WASHINGTON -- In a surprising reversal, Whitewater special prosecutor Kenneth W. Starr announced yesterday that he would not investigate how the White House obtained 481 confidential FBI files, most of them on Republicans.
Attorney General Janet Reno responded by ordering a "complete and thorough" investigation of her own, which would be conducted by the FBI. Republicans, noting that Reno could either have expanded Starr's mandate to include the file controversy or appointed an additional special prosecutor, questioned how independent she would be.
"The Clinton administration has no credibility when it comes to investigation of itself," said Rep. John A. Boehner of Ohio, a Republican congressional leader.
Last week, FBI Director Louis J. Freeh issued a report critical of the White House -- and of his own bureau -- about the handling of the files. Freeh tightened the procedures by which the White House obtains such files. He also turned over the results of his inquiry to Starr.
Last week, all indications were that Starr welcomed this additional responsibility. His office interviewed at least one of the former White House officials involved in requesting the files last week.
Republicans theorized that Starr recognized that "Filegate," as they dubbed the controversy, was too complex to be merely an adjunct to his Whitewater duties. But Starr's associates explained that they recognized that it was a separate matter not covered by their charter.
In the meantime, Republicans on Capitol Hill are directing an investigation of their own led by Rep. William F. Clinger Jr., a Pennsylvania Republican who chairs the House Committee on Government Reform and Oversight.
"I continue to be skeptical the White House has told the whole story," said Clinger, whose hearings begin today.
Since the controversy arose two weeks ago, the administration's explanation as to why it obtained the files, most of them on former Republican White House staff members, has evolved.
Initially, White House officials revealed that in December 1993 they had acquired the "personnel" file of Billy R. Dale, who had been fired as head of the White House travel office seven months before. Jane Sherburne, an attorney in the White House counsel's office, characterized this as a "routine mistake."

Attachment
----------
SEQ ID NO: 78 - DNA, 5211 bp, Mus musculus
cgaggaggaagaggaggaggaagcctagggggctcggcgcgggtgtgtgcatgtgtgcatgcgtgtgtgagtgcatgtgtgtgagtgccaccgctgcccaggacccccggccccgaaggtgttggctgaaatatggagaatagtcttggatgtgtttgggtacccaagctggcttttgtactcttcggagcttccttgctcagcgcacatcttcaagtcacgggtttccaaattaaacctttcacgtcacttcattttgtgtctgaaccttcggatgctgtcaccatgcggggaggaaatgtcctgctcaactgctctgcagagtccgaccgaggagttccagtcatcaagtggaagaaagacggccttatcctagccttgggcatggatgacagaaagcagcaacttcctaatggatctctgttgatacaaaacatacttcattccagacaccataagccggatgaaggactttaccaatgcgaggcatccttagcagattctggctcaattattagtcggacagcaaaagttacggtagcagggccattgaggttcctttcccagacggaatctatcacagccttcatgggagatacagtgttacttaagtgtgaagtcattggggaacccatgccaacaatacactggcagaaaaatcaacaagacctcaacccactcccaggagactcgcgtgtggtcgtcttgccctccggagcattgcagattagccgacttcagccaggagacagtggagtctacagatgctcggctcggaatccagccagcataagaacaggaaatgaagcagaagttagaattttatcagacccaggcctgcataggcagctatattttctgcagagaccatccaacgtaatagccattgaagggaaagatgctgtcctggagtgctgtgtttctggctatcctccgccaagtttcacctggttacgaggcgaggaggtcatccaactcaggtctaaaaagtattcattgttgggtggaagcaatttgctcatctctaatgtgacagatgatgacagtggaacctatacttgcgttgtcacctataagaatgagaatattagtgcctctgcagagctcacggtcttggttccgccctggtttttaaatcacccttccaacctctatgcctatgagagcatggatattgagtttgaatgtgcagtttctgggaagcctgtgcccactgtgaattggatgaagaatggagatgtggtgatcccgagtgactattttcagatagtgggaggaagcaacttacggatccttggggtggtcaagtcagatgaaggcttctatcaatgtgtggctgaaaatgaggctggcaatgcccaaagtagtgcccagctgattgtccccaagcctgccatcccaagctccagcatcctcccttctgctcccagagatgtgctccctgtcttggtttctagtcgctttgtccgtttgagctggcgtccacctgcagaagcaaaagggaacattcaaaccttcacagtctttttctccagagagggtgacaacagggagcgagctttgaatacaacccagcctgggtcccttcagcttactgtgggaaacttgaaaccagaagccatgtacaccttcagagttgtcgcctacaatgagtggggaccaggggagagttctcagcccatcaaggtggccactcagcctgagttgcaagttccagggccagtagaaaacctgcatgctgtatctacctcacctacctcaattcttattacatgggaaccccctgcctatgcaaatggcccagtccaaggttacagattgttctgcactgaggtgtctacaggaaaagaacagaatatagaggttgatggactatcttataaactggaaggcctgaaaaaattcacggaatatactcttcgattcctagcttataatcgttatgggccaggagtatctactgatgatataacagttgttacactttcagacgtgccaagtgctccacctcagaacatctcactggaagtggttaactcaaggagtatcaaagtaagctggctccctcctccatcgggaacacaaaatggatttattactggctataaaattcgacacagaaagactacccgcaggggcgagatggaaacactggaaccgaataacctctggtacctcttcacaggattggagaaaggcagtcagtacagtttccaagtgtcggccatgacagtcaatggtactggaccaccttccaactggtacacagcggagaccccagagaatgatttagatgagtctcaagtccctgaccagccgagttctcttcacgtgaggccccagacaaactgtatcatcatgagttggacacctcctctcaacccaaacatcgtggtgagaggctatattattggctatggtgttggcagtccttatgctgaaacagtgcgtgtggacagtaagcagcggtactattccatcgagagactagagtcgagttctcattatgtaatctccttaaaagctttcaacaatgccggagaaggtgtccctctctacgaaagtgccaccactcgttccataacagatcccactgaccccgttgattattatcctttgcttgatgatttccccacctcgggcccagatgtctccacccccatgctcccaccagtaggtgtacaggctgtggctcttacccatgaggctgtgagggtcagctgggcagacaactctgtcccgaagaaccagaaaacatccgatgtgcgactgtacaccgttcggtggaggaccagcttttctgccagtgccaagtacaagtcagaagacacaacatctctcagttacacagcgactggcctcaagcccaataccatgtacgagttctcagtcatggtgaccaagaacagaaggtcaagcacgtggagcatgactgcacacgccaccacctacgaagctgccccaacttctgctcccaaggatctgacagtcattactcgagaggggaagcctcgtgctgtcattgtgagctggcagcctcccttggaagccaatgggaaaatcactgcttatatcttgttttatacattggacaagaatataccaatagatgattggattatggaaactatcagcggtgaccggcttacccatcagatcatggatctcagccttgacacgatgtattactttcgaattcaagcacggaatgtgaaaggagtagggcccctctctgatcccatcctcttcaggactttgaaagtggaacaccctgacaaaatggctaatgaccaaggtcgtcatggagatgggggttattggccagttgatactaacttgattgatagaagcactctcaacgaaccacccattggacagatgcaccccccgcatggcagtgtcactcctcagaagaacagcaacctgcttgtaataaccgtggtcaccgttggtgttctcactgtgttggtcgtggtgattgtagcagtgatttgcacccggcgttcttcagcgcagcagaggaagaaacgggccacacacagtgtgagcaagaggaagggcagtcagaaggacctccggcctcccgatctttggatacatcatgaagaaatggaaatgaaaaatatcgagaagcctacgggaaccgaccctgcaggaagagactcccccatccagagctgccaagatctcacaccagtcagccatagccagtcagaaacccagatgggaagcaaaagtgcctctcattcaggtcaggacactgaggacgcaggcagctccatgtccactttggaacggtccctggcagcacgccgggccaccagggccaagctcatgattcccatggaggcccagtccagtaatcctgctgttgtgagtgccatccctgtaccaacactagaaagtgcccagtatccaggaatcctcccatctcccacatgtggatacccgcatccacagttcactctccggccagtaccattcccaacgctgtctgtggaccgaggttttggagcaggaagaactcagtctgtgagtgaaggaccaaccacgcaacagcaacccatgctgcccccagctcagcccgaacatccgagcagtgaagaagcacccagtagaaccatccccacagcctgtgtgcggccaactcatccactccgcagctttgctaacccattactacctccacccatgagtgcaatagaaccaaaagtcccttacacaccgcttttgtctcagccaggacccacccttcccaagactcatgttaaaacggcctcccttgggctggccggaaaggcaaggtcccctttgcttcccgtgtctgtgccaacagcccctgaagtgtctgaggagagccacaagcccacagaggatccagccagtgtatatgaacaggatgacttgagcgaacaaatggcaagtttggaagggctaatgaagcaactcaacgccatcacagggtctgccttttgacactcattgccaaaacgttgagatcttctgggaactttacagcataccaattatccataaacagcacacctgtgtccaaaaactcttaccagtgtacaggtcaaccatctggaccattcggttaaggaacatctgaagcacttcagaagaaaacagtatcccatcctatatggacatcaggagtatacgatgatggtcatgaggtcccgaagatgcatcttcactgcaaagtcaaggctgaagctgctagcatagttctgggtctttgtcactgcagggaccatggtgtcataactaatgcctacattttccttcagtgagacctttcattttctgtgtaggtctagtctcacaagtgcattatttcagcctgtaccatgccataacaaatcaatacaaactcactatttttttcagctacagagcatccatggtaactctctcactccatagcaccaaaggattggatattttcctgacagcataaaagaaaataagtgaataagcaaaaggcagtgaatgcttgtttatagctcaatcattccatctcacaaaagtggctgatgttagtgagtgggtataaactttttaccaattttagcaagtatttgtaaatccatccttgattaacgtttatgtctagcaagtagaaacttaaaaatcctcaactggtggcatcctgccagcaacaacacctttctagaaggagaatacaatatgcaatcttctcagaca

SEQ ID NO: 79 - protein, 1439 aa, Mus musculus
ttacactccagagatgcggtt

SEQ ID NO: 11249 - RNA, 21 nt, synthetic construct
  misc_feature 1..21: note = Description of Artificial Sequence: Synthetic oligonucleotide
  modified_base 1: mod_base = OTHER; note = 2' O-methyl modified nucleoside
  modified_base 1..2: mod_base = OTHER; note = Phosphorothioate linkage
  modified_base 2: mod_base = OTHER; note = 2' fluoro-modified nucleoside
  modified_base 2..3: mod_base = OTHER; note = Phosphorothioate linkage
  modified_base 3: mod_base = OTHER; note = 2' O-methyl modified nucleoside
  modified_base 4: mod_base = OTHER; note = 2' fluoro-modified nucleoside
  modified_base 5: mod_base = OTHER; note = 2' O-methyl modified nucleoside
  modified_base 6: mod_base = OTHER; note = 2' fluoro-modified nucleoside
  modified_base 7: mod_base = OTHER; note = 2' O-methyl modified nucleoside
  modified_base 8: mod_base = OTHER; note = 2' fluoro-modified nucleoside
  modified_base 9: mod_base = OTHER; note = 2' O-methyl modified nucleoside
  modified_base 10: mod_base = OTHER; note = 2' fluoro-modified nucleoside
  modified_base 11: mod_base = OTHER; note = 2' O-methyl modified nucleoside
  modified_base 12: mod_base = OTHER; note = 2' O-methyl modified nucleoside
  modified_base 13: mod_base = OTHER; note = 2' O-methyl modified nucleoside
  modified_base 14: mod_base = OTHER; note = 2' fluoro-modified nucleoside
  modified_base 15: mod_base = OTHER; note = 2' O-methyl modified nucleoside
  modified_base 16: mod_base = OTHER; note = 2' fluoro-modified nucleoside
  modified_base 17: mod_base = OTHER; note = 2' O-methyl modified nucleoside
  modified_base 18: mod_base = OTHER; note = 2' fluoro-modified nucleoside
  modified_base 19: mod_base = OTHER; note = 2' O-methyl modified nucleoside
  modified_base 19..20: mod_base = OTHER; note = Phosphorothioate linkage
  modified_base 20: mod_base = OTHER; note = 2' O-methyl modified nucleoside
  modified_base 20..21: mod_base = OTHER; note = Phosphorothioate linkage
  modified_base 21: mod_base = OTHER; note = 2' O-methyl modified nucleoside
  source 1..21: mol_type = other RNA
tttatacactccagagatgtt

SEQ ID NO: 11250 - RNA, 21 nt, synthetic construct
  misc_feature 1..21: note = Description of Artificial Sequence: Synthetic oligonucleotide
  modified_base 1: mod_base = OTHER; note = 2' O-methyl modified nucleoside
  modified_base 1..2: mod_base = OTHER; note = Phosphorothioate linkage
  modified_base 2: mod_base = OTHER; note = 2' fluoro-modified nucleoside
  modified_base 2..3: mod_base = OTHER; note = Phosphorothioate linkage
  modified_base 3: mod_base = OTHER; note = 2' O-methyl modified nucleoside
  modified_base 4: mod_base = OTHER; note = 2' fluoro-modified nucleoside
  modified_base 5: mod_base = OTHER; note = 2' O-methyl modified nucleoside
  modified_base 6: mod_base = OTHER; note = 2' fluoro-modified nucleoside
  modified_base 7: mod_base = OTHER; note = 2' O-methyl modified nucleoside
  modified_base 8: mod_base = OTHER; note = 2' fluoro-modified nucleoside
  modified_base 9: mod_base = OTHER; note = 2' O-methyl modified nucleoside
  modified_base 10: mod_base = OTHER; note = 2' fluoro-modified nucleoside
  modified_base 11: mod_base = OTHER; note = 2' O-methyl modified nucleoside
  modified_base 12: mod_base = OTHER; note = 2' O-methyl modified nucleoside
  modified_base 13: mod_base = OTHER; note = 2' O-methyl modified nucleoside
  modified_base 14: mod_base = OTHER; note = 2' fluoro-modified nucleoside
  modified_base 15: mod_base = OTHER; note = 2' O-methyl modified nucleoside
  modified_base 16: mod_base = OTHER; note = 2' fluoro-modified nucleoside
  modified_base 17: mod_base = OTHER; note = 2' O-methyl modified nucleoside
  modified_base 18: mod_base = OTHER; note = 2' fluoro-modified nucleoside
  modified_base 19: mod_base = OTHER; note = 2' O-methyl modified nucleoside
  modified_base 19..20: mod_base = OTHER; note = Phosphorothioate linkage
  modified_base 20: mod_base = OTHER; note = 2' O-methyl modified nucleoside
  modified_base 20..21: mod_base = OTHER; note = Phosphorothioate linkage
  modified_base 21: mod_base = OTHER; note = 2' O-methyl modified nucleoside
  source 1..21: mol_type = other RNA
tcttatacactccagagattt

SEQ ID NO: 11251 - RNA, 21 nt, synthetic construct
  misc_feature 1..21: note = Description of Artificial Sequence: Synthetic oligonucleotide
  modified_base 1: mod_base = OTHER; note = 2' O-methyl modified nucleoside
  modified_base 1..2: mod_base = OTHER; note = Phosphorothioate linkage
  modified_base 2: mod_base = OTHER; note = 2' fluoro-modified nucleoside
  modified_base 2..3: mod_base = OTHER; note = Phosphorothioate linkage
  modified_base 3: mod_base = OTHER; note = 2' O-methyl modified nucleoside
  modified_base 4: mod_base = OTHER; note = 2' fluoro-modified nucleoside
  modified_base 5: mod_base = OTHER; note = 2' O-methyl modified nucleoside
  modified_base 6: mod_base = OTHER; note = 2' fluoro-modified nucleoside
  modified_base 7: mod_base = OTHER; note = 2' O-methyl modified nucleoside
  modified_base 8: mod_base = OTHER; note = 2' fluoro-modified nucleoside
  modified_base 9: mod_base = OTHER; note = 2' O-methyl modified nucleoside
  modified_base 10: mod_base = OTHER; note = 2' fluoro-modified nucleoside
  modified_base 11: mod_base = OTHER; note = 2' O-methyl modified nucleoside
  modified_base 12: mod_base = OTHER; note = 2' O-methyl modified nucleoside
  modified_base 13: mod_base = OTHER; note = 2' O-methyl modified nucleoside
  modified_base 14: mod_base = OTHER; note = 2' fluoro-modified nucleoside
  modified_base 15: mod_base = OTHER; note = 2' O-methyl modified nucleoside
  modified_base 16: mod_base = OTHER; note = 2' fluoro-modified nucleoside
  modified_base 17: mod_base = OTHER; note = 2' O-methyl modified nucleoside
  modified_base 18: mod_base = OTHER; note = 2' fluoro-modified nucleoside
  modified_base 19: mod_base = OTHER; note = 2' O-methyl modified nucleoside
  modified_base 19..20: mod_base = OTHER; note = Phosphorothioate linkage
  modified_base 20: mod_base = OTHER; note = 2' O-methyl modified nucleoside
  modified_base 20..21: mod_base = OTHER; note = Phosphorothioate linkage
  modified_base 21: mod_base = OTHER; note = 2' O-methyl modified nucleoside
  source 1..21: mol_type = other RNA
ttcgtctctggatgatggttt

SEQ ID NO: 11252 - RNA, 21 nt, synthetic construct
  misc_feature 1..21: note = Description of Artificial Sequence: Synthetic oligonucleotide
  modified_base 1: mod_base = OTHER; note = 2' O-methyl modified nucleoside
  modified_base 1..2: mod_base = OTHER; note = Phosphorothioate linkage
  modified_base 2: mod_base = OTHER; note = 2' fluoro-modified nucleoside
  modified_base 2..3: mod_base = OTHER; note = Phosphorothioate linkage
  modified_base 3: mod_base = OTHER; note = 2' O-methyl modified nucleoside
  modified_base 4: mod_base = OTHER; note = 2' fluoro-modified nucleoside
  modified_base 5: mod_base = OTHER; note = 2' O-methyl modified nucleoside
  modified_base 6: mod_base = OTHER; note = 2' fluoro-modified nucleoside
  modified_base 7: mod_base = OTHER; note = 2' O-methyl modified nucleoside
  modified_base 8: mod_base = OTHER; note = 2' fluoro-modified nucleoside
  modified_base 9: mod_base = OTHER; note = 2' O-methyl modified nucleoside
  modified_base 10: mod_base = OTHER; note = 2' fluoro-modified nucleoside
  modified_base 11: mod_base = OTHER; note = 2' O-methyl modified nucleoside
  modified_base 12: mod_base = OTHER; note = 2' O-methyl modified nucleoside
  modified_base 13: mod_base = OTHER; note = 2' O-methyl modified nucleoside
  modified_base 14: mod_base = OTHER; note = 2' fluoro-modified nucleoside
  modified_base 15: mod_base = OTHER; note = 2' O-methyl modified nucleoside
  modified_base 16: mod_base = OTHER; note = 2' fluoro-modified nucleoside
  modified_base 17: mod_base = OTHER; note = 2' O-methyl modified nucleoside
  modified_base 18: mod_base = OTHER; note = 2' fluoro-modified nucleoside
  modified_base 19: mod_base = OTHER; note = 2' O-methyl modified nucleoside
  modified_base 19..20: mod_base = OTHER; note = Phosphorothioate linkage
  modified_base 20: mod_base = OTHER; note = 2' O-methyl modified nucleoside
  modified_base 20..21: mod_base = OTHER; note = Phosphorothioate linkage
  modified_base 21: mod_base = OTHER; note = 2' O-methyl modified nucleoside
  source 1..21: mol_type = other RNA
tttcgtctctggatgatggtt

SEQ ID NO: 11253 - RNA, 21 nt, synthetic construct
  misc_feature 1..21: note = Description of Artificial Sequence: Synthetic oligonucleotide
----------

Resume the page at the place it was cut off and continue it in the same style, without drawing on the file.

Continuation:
The next day, White House officials said that it sought Dale's file because it had been requested by the General Accounting Office, a government agency investigating the firings of the travel office.
After GAO officials said they had never sought Dale's FBI file, the White House amended its answer again, saying Dale's name was among many acquired in a project to update the files of those who need White House passes.
In addition, White House officials said it had been a project run by low-level appointees, one of whom they identified as an Army employee. It turned out that this person, Anthony Marceca, was a longtime Democratic operative.
According to documents released yesterday by the Government Reform and Oversight Committee, Marceca was hand-picked for assignment to the White House by Craig Livingstone, head of the White House security office, and William H. Kennedy III, former associate White House counsel.
White House officials have said the list was of people who might need White House access, and that it was provided by the Secret Service. But Secret Service officials said it does not conform to any of its lists.
Livingtone's lawyer, Randall J. Turk, said neither man had done anything improper with the files, and that Livingstone had not even read them. White House officials cite this assertion as evidence that nothing untoward happened.
This week, Livingstone, Kennedy and Marceca are expected to get their chance to give their side of the story as Clinger convenes his hearings. Among the answers sought by Republicans are:
Who compiled the list of 481 names going back three administrations?
Why did White House officials keep the FBI files in a vault after higher-ups discovered the files project and discontinued it?
How did Livingstone, then a 34-year-old Democratic activist whose main employment was as an advance man in Democratic campaigns, land a crucial post in the White House?
Why was the White House not more sensitive to how amassing files of Republicans would appear after a similar flap in 1993 over State Department files cost two Clinton appointees their jobs and led to a presidential pledge to be more careful?
Meanwhile, Democrats on Clinger's committee are poised to denounce today's hearings as a witch hunt in language similar to that used by White House press secretary Mike McCurry.
"It clearly will last through the November election because the Republican candidate and the Republican Party, lacking any other substantive reason to make an appeal to the voters, is intent on taking these issues," McCurry said.
Pub Date: 6/19/96